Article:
The most alarming question to arise from the Dreamliner fiasco is whether high composite airliners are doomed to fail.
Not fail as in fail to reach production, although that is a possibility even at this stage, but fail as in start crashing after large numbers of the two high composite airliners in question, the Boeing 787 Dreamliner and its supposed sequel, the Airbus XWB A350, enter service.
The critical issues include thin gauge, load bearing, flexible components made from carbon fibre reinforced plastics and in places, their interactions with metal alloys.
The ‘lonely scientist’, Hans van der Zanden, has published a draft version of his book ‘The Impossible Dream’ on these issues online.
This draft was not written in response to Boeing management’s abrupt about turn involving the now cancelled first flight of the 787 Dreamliner announced last week. Van der Zanden’s website was last updated on 9 June, well before the evasive announcement of a ‘side of airplane’ minor, easily patched issue by Boeing suckered much of the media for all of 24 hours.
In some regards, the book will drive readers to distraction with irritations like referring to these high composite designs as all composite designs.
The 787s and less clearly defined A350s are already burdened with tonnes of extra metal to make them work. They are far from ‘all composite’ and it seems, further than ever from coming to pass. They aren’t producing the claimed benefits.
The author is primarily concerned with how these designs take composites where they have never been used before, and how this involves leaps of faith more than reliable predictive models of their behaviour in such applications.
It was the failure of a static test wing under stress at ridiculously low levels that sharply highlighted the modelling problem that wiped out the 787 first flight and any lingering vestiges of credibility in those charged with the project’s management.
If Boeing doesn’t know how the materials will handle aerodynamic stresses now and over the lifetime of the investment the airlines are, or were, making in 787s, the foundations of proper certification of the type and its maintenance in terms of fatigue and damage are washed away.
Certainty is required. Dreams and hype are one thing, a real airliner is another.
The early chapters of ‘The Impossible Dream’, are interesting, but probably overdone as context for the technical critiques which make gripping reading from Chapter 5 through Chapter 7 followed by the important Sudden Impact testing proposal which is found in the tool bar on his website.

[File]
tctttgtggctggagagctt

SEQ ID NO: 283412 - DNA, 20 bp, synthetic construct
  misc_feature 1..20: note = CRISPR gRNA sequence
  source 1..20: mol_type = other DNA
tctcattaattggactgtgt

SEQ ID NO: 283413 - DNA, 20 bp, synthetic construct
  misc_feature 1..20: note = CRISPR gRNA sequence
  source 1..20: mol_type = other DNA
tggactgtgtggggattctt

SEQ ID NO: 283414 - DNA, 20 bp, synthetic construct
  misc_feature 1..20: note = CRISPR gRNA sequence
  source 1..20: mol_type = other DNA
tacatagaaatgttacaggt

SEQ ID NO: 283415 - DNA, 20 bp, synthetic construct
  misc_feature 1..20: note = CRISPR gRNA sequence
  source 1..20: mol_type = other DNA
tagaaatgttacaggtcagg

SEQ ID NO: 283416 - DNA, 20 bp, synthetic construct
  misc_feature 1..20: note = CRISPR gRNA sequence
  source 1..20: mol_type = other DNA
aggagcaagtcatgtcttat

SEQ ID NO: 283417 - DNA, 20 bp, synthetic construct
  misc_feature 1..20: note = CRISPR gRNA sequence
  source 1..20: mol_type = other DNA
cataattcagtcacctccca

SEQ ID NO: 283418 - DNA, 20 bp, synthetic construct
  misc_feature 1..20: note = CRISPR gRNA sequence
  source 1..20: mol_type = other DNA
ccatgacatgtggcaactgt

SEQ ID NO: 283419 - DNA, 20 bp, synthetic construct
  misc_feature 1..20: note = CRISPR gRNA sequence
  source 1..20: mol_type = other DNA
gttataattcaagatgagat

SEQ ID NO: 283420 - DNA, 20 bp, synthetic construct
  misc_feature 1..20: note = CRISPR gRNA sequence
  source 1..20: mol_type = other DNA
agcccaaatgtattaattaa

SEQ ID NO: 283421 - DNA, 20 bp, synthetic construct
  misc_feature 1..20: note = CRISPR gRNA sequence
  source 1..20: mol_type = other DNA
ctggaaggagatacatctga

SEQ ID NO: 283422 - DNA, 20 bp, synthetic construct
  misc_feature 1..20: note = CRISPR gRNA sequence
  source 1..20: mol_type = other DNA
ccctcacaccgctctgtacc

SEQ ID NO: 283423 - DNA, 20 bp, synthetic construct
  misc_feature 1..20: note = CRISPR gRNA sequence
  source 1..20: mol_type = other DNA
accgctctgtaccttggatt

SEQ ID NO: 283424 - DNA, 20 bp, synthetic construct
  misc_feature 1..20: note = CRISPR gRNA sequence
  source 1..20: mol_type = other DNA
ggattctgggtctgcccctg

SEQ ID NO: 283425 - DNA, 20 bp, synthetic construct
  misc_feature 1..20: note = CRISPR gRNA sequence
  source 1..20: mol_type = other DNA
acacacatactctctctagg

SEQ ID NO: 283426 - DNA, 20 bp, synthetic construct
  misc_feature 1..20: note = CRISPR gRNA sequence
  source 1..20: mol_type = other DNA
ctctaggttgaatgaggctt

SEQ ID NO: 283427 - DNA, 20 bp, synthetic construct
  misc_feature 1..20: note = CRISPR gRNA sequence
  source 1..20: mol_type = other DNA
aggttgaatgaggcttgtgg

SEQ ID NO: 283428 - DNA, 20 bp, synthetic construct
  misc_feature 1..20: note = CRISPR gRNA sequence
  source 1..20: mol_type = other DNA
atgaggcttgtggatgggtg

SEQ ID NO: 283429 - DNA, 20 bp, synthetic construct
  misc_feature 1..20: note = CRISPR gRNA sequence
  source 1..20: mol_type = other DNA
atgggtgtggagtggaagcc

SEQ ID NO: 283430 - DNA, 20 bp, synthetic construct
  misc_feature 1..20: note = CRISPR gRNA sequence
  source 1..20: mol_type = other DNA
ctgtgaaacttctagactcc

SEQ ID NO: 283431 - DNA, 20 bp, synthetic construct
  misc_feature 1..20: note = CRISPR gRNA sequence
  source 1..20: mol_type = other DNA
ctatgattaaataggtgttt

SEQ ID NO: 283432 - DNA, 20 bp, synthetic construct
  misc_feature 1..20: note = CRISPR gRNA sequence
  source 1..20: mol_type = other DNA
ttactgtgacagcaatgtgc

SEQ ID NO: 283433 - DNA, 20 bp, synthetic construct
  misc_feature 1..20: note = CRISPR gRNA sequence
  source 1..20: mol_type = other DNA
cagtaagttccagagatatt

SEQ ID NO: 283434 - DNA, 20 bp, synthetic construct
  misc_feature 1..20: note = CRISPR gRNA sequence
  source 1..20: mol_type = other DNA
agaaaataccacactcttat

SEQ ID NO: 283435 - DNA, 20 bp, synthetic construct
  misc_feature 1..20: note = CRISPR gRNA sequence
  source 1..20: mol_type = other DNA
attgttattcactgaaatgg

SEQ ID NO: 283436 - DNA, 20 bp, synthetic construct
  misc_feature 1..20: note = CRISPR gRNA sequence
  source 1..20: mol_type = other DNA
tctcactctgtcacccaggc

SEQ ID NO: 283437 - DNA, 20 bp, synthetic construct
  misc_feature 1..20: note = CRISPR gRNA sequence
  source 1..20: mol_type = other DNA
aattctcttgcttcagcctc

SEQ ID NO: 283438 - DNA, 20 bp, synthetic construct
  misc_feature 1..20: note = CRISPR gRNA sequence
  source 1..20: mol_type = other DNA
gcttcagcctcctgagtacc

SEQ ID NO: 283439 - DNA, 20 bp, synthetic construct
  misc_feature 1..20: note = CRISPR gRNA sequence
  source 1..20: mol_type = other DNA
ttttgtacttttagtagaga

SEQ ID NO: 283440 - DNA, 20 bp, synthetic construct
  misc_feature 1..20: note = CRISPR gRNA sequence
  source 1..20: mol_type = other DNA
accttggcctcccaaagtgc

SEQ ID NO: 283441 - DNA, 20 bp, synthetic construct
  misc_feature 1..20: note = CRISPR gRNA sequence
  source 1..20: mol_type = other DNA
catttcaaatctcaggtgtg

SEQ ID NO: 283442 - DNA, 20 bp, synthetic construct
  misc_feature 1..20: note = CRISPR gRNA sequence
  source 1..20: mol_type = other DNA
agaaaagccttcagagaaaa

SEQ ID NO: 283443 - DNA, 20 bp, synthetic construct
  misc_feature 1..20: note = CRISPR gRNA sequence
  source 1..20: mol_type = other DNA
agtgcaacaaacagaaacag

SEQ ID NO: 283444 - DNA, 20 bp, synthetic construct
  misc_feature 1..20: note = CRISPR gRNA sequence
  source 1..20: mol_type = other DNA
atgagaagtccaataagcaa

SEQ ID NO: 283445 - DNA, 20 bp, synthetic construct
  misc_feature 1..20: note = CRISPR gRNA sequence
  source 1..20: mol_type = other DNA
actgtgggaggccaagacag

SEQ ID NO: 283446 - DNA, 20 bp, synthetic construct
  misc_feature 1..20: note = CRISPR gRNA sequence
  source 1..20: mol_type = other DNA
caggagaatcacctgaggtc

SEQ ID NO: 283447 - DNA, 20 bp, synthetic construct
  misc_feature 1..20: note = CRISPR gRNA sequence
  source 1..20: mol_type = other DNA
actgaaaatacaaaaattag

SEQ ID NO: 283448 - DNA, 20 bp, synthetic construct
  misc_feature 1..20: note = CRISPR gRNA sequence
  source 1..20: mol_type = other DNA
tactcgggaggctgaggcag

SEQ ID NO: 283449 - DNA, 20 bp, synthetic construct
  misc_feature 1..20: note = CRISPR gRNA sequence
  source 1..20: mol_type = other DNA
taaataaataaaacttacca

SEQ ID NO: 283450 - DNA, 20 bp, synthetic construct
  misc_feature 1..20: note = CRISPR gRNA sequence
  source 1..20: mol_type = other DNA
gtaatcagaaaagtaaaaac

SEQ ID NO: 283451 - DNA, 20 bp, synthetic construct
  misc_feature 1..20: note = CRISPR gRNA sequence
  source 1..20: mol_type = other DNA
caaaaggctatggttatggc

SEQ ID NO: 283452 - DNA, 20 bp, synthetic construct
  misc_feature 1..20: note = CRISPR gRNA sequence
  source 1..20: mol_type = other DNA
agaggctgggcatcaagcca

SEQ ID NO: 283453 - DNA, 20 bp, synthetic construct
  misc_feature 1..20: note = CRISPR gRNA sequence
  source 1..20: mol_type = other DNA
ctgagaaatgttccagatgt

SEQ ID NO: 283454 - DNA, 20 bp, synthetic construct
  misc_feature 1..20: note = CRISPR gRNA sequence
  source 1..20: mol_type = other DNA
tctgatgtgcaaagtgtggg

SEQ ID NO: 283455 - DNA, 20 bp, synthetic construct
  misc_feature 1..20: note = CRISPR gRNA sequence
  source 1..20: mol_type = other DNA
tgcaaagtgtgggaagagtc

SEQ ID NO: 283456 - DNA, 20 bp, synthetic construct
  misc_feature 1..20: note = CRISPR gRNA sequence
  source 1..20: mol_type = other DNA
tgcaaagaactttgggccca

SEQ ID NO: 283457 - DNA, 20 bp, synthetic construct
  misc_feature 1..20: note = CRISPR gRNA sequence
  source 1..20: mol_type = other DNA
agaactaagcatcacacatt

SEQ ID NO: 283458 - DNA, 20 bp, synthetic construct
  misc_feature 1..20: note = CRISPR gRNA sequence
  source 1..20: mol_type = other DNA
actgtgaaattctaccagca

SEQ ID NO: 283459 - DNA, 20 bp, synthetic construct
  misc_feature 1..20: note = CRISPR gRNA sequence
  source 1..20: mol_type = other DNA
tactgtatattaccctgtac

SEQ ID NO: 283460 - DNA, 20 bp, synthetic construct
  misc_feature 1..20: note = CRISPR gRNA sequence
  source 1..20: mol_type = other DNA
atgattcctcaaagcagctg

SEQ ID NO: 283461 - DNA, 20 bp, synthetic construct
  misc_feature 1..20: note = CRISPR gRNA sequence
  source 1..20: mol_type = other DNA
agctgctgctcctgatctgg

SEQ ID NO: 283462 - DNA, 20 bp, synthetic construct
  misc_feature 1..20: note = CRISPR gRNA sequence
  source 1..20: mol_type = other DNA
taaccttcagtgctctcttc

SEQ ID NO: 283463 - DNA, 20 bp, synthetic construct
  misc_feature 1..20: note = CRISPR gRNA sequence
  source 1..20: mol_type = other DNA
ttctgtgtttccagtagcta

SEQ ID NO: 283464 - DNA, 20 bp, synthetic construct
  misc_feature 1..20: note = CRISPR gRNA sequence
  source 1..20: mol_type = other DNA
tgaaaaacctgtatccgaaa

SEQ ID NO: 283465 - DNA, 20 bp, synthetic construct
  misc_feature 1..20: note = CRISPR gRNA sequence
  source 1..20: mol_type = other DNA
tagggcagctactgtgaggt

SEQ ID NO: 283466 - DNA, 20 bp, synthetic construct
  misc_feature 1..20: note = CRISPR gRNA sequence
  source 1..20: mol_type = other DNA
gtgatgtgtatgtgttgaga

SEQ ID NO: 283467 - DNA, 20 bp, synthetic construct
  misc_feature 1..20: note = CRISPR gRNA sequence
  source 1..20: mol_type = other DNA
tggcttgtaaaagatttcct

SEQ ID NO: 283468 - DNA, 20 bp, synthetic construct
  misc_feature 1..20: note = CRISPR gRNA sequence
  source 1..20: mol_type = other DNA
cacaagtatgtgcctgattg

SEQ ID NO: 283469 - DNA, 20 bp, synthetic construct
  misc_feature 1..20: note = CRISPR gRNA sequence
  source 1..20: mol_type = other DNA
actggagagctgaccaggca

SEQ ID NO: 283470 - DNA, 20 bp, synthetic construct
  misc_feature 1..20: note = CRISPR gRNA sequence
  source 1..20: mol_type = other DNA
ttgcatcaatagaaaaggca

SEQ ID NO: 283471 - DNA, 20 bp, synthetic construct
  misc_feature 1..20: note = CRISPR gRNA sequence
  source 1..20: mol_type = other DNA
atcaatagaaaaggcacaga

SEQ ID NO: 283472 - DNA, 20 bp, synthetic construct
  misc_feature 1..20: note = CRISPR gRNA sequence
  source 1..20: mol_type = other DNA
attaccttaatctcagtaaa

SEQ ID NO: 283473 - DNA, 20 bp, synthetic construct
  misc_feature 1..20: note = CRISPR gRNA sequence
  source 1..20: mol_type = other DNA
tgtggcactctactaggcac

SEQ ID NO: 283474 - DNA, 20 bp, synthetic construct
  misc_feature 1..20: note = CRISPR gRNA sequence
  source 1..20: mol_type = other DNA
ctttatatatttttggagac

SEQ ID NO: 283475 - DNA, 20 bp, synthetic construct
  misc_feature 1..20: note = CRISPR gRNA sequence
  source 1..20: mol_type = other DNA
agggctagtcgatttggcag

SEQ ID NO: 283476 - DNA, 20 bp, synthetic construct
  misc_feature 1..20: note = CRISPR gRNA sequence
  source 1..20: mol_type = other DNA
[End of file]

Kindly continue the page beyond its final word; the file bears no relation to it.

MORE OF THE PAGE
The draft book dissects the main issues with composites. Have the executive branches of Airbus and Boeing been engaged by these issues, or have the key decisions been made by marketing and sent to the design and engineering departments for implementation rather than consultation?
How many of the airlines have engaged themselves with these issues in Dreamliners and XWB A350s? Most airlines have long severed any real connection between management and technical knowledge of aircraft design and engineering.
“Oops, that’s interesting” is not a plausible defence after tens of billions of dollars worth of these types have been ordered.
In a sense the design issues that now arise are those of the management classes of recent decades, as in a post modern re-invention of Taylorism, versus the rude mechanics (or designers.)
It is a divide between hype and reality which may have lethal relevance to the future of these projects.
Update: Hans Van der Zanden has responded to a request for more information about his study and assures us that he is not involved with any of the interested parties in use of composites or their alternatives in airliners. The 3000 hour study is self financed and driven by safety concerns over the materials dating back to the Columbia Space Shuttle disaster in 2000.
He says introducing a new construction material at this scale in airliners is a very dangerous undertaking.
In relation to the now cancelled first flight of the 787 he says, ” I was very nervous about the first test flight and it came as a relief when problems surfaced in time and finally at last engineers apparently found the courage [to say] that ‘enough is enough’.”
Van der Zanden says he will launch a more detailed web site concerning his study in the near future.